Microplastics Found in Human Semen: A Growing Concern

Microplastics Detected in Human Semen: Rising Health Alarms

In a groundbreaking study, Chinese scientists have discovered microplastics pollution in every single human semen sample tested. This finding has sparked urgent calls for further research into the potential impacts on reproductive health.

The study, conducted in Jinan, China, analyzed semen samples from 40 healthy men undergoing premarital health assessments. The presence of microplastics was confirmed in every sample, highlighting the pervasive nature of plastic pollution. This isn’t an isolated incident: recent studies in Italy and further research in China have also found microplastics in human semen samples, indicating a global issue.

The implications are troubling. Human sperm counts have been declining for decades, with 40% of low counts remaining unexplained. Many studies have linked this decline to chemical pollution, with microplastics now emerging as a significant suspect. Previous research in mice has shown that microplastics can reduce sperm count, cause abnormalities, and disrupt hormone levels.

Microplastics, tiny particles of plastic less than 5 millimetres in size, are omnipresent. They have been found everywhere from the highest peaks to the deepest oceans, and people are inadvertently consuming them through food, water, and even the air. Recent studies have also detected microplastics in human blood, placentas, and breast milk, underscoring the pervasive contamination of our bodies.

The specific plastics identified in the semen samples included polystyrene, polyethylene, and PVC‚ÄĒmaterials commonly used in packaging and everyday products. These plastics may cause inflammation in tissues or release harmful chemicals, posing risks to human health.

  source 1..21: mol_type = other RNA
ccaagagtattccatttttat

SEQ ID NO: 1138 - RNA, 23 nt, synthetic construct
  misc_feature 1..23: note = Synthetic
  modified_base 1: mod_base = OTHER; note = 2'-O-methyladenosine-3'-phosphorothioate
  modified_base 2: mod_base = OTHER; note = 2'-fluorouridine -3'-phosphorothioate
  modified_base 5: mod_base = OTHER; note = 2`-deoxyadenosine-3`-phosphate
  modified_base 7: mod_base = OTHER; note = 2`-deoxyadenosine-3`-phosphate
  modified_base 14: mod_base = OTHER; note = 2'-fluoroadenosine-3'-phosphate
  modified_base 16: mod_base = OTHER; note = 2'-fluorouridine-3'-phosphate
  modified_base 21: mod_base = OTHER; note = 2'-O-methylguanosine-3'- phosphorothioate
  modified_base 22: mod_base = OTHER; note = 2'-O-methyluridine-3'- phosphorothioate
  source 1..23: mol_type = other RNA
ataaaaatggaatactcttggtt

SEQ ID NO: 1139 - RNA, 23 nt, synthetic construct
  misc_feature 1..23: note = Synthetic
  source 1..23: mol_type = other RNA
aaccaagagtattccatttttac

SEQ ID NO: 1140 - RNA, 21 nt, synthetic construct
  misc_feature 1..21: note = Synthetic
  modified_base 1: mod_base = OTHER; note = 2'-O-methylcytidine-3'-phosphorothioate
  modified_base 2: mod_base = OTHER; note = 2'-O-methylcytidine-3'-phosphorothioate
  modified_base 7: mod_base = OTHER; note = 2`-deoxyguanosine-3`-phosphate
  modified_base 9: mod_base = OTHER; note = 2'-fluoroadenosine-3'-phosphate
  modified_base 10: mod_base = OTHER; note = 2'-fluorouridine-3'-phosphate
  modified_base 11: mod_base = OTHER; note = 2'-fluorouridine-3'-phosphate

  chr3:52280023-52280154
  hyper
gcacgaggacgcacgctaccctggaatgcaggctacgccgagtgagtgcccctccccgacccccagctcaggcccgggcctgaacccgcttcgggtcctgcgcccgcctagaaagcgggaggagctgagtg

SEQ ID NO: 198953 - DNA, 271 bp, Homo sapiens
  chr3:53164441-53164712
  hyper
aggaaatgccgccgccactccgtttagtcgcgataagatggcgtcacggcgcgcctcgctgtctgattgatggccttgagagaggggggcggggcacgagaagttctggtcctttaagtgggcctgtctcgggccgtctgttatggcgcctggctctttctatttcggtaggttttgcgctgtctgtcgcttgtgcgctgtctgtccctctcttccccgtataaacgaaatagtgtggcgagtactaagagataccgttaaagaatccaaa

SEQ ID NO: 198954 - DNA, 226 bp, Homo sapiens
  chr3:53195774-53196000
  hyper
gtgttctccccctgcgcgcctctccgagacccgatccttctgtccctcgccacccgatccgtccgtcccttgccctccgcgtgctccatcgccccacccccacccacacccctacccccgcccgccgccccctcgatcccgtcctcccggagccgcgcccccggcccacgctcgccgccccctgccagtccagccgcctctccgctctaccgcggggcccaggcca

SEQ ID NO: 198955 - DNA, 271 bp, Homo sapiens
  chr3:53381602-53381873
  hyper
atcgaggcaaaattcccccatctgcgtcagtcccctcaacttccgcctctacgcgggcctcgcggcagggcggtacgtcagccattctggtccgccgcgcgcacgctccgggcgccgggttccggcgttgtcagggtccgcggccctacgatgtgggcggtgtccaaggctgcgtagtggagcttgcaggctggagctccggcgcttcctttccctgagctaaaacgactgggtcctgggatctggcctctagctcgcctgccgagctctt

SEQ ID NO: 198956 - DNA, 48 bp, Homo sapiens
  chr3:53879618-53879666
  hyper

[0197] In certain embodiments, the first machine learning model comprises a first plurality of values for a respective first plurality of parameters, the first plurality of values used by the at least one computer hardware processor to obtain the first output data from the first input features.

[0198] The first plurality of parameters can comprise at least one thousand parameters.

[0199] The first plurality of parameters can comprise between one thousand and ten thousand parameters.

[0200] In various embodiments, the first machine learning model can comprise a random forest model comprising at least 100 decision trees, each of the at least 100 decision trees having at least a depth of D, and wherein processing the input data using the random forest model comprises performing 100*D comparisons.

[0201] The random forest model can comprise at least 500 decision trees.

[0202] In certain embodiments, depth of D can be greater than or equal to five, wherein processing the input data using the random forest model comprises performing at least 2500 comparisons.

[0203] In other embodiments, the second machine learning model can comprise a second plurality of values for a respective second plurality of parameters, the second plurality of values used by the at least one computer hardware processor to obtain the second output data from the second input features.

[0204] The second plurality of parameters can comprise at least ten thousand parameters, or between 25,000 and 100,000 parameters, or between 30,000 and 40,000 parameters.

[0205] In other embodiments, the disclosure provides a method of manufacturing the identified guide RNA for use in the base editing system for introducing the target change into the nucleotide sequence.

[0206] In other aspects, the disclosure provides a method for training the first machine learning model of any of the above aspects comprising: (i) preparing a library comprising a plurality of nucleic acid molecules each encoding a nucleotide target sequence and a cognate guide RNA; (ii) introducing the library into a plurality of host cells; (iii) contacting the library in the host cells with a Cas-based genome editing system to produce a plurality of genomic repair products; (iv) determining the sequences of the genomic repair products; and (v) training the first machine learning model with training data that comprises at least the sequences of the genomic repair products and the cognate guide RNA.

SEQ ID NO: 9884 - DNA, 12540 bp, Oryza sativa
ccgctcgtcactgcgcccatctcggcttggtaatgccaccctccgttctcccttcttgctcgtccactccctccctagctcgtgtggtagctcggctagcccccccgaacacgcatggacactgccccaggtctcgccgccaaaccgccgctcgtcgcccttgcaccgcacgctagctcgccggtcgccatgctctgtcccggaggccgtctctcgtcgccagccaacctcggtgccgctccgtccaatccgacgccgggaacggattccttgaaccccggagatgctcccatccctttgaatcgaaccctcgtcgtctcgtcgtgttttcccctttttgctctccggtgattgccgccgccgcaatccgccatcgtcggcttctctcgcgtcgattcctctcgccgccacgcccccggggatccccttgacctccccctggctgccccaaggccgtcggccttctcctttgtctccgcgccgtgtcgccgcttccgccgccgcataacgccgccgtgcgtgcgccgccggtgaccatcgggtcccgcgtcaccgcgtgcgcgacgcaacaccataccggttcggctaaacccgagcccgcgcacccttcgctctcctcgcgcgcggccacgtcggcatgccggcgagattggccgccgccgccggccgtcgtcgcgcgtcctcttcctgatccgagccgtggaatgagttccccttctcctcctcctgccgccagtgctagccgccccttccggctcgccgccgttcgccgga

Experts emphasize that urgent action is needed to address this issue. With millions of tonnes of plastic waste entering the environment annually, the situation is only expected to worsen. A UN treaty is currently under negotiation by more than 180 nations to regulate plastic and reduce pollution, reflecting the global concern over this issue.

As Dr. Luigi Montano from the University of Rome stated, “Intervention is necessary to stop the exponential increase in plastic waste. If microplastic pollution continues to impact the critical reproductive process, as evidenced by declining seminal quality globally, it could have dire consequences for our species.”

In conclusion, while the full extent of the health impacts of microplastic exposure remains unknown, the findings so far are alarming. Understanding and mitigating human contamination from microplastics is crucial to safeguarding reproductive health and overall well-being.

Image source: Internet

Disclaimer: Educational purpose blog with no commercial use intended.

Read More: World2Moro

For Lifestyle Content: Tathastu Lifestyle

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